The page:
But beyond the boundaries of this “cholesterol-rich” coil, I am a rider of rapturous thoughts. I am a thinker, a philosopher, a seeker, a storyteller, a writer, a wanderer and every other thing that a thought can be.

What draws your interest in writing?

The World is strange, “beautiful” is just an adjective given to make it sound good!

I have used this sentence in one of my writings, and this thing about the world is what makes me the candidate to collect and tell stories from the world. My writings are mainly drawn from the transactions of the real world. They are inspired by people I see around me. Even the issues and conflicts in my works are very much experienced or overheard from someone. I believe this is what makes my narrative more connecting and believable.

Of course, you have shared it in detail in the book but can you tell us how the idea of writing “The Treasure Syndicate” was conceived?

Alright, believe me as I say this:

I was waiting for my cab and had a casual conversation with the driver. The conversation ended gifting me the idea behind this book.

I have documented the conversation in one of my blog posts that can be read below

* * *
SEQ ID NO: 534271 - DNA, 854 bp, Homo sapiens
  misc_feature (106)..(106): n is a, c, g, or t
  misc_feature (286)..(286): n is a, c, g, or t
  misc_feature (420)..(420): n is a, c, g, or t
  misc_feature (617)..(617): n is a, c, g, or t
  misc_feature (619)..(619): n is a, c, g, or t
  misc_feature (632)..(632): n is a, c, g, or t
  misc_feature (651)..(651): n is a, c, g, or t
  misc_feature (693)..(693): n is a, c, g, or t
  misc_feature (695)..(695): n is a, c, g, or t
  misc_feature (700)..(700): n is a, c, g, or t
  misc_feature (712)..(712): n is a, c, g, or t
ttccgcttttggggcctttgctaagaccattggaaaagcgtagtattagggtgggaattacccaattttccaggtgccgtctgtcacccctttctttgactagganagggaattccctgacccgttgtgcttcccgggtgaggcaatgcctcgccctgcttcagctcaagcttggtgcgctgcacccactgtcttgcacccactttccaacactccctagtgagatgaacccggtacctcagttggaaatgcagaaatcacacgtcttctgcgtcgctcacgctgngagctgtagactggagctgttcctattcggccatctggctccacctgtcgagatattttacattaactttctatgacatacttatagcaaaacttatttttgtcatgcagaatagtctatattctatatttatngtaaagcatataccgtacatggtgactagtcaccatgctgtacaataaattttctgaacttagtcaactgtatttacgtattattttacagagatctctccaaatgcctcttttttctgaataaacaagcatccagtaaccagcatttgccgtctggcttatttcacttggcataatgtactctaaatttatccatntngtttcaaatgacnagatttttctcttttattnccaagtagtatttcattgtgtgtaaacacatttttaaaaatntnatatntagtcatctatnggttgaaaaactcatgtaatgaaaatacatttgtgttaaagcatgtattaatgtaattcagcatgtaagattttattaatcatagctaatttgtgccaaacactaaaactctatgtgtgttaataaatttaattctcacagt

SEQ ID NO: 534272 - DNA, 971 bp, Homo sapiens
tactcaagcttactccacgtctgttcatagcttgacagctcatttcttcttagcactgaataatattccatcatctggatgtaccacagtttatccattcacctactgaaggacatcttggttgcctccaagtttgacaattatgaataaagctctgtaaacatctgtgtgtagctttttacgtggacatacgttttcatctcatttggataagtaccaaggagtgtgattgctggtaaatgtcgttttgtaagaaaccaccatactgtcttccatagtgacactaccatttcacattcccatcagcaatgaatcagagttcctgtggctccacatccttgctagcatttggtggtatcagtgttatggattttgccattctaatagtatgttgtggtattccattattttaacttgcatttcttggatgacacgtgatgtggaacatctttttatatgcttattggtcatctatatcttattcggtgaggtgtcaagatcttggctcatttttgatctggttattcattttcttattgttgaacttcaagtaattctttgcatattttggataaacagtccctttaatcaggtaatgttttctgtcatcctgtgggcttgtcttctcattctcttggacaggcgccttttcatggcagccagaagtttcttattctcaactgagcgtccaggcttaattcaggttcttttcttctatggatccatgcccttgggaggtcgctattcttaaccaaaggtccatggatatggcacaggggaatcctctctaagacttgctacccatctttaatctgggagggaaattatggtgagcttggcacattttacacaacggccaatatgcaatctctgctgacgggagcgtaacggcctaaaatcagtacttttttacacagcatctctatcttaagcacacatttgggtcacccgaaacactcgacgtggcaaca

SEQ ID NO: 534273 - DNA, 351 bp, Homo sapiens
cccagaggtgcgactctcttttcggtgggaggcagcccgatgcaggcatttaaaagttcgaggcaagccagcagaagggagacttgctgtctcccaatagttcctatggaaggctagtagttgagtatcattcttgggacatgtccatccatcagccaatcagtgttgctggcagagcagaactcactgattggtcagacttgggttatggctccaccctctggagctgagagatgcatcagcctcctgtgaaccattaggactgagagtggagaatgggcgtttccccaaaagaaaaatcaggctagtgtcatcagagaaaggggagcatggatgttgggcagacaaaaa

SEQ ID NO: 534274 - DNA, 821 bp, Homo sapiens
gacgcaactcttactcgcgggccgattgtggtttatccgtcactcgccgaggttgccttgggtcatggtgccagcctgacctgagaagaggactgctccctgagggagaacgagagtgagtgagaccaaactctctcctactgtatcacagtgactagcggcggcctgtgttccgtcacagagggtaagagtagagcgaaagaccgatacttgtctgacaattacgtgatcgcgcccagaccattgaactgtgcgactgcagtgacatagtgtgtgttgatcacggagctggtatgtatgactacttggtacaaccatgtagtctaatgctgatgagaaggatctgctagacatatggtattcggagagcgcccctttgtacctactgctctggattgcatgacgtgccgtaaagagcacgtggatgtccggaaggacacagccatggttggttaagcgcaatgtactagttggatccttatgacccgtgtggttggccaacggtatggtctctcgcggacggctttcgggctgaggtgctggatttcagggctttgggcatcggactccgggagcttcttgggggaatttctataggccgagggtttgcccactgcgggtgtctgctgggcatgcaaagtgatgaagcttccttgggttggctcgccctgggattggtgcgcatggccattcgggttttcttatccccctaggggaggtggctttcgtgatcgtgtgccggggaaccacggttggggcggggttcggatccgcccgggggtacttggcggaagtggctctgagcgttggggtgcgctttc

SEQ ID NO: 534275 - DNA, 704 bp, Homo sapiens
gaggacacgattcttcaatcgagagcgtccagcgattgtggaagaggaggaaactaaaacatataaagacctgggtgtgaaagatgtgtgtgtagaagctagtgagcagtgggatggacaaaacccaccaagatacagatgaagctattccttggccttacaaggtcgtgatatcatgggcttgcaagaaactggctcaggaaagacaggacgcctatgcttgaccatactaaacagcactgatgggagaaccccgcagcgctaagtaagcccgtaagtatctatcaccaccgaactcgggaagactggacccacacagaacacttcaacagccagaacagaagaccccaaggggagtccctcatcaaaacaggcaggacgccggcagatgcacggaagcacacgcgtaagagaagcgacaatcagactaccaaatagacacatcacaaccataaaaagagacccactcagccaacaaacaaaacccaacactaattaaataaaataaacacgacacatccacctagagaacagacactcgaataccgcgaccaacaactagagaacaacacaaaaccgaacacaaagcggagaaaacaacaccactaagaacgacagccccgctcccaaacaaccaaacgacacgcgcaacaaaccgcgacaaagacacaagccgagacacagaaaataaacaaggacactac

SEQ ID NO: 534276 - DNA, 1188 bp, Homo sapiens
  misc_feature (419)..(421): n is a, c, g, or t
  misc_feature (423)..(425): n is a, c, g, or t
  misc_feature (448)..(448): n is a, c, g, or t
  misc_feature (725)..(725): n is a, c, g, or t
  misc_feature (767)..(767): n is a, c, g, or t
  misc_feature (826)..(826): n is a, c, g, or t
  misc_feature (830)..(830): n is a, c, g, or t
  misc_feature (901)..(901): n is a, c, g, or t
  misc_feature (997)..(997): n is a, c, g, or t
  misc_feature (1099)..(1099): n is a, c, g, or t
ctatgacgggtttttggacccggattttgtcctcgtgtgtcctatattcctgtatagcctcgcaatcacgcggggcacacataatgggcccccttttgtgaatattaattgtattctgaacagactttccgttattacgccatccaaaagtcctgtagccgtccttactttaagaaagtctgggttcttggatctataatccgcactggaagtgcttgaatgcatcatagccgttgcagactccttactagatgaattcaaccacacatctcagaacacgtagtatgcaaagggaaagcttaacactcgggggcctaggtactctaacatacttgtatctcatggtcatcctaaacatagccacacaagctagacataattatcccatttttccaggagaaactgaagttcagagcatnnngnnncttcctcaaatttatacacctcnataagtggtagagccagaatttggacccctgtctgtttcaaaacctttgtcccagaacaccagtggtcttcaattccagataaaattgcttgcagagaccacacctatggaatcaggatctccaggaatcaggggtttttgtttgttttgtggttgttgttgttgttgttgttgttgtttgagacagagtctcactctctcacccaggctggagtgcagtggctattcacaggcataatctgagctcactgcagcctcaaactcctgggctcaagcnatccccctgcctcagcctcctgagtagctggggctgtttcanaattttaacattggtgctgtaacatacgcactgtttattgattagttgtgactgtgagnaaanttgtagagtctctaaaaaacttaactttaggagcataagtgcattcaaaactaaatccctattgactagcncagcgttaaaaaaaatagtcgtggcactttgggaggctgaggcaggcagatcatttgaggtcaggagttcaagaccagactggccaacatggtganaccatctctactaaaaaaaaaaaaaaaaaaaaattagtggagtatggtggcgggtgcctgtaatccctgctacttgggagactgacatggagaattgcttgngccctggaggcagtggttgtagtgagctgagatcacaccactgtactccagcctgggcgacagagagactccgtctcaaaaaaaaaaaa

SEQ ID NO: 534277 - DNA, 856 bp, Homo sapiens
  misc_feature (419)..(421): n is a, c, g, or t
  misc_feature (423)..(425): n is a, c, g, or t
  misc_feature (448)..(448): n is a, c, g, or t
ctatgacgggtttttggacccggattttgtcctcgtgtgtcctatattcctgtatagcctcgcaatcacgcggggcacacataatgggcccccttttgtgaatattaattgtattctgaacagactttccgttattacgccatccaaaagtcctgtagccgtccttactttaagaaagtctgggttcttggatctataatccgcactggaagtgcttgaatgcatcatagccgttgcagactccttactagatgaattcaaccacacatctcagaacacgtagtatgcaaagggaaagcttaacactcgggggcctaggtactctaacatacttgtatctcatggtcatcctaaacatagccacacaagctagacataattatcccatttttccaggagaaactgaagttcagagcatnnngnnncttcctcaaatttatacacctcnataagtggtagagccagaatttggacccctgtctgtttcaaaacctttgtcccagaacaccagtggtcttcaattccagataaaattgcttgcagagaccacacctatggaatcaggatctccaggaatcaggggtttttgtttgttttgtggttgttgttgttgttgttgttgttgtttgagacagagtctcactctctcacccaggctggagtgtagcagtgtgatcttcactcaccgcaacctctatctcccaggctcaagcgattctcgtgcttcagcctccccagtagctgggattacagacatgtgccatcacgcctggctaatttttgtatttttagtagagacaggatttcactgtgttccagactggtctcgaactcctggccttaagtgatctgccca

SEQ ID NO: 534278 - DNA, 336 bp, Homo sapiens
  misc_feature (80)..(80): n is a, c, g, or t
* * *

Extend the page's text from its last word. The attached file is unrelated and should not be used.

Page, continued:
The symbol of the “treasure syndicate” is simple, thoughtful and effective, can you tell, how it was finalized?

Thankfully, there is no story behind this 😊 It is a result of many trail-drafts and designs. The thumb rules for me, while designing it were, it must be simple yet profound. It must have the feel of the ancient and must be cryptic in nature. The one that you see in the book meets all the set criterion.

This symbol was one of the very first ones that I had visualized. Today, it seems I was only pretending to find a better one, whereas the story was already being written with the current symbol in mind!

It is said that the author expresses his views and feelings through various characters, do you think so? Can you elaborate?

It is true with me.

As I said earlier, the facades of the world inspire me a lot. We see many people around us. Everyone is different, unique and to a large extent, unpredictable!